RetComLife: Greekish Salad

I don’t think there is a chef alive that doesn’t welcome a new recipe. In that vein, I want to share some of my personal favorites with our RetCom chef. I will be doing that over time. I don’t want to flood him with them all at once.

So, in the first post on this new subcategory “Making Things Better”, I give you and my RetCom chef my first recipe.

Greekish Salad

Salad Ingredients:

  • 1 cucumber, partially peeled, halved, and thinly sliced
  • 1 pt. of grape tomatoes, halved
  • 1 c. kalamata olives
  • 1 small bunch of green scallions, thinly sliced including green part
  • 1/2 c. Asiago cheese, cut into small ⅜ inch chunks
  • 1/2 c. red or white onions, halved and thinly sliced
  • 1/2 c asparagus, cut into 1/2 inch pieces (optional)

For the dressing:

  • ¼ cup red wine vinegar
  • ¼ cup lemon juice
  • 1 tbl. dried oregano
  • ¼ cup of vegetable oil
  • salt and pepper to taste

This is a simple dish that can be prepared in about 15 minutes. I think it tastes better if prepared and left overnight in the refrigerator before serving. I call this Greekish because some of the ingredients are not in the Greek version of the dish. The original recipe called for feta cheese, but I think Asiago cheese works better because it doesn’t break down so much if left in the refrigerator for more than a day or two. I also used vegetable oil as olive oil tends to jell if refrigerated. The Greek version doesn’t have scallions or asparagus, but I think they add a nice flavor, texture, and visual appeal to the dish. For the asparagus, just use small diameter ones ( I used pickled the pickled version) I put a little extra vinegar because I like things tangy (reduce the amount if you must). One final suggestion is before serving flip the container over to let the dressing drench all of the salad.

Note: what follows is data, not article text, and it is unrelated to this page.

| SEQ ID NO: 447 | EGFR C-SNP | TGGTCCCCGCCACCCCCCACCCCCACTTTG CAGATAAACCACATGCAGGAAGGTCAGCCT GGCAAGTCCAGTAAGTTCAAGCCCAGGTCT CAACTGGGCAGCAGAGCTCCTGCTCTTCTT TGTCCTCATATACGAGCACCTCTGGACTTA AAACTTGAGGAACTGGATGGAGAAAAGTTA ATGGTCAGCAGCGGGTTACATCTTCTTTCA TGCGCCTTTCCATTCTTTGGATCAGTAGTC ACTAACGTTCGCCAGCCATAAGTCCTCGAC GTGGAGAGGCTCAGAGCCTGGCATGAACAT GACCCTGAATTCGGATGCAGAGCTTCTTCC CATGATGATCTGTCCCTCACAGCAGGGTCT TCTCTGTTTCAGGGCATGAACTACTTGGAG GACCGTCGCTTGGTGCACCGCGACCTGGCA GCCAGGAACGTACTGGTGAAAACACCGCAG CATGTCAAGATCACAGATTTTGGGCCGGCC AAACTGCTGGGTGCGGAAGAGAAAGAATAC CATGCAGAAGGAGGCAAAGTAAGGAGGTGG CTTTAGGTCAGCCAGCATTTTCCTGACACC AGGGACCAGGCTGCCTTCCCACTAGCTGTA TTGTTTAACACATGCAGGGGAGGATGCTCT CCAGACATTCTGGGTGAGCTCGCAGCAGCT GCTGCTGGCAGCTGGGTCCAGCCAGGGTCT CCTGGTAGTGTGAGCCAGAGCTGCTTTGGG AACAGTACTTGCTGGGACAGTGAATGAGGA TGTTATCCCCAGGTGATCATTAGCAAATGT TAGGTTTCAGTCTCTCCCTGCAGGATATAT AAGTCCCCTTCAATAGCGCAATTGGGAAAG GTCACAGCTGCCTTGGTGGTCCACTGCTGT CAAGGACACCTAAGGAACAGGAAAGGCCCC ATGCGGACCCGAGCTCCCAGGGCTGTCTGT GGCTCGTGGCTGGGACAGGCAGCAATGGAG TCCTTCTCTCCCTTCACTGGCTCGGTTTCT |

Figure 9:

Since I am cooking for one now, this recipe lasts for three or four days, after that, the acidic vinegar tends to start breaking down the ingredients.

Except for the kalamata olives the rest of the ingredients are available in most grocery stores. The olives are available at my local Sam’s Club and probably Walmart Super Centers. I strongly suggest you don’t substitute as they add an essential Greek flavor to the dish.


On a side note:

Perhaps the most annoying thing about the food in my RetCom is that, at least to me, it is mostly bland and therefore lacking flavor. I understand that many in the world war generation born in the between 1920 – 1940 like things plain. I wish the menu would include “spicy” and “not spicy” versions of most dishes. We Baby Boomer will likely insist on that when we sooner rather than later take over most RetComs.

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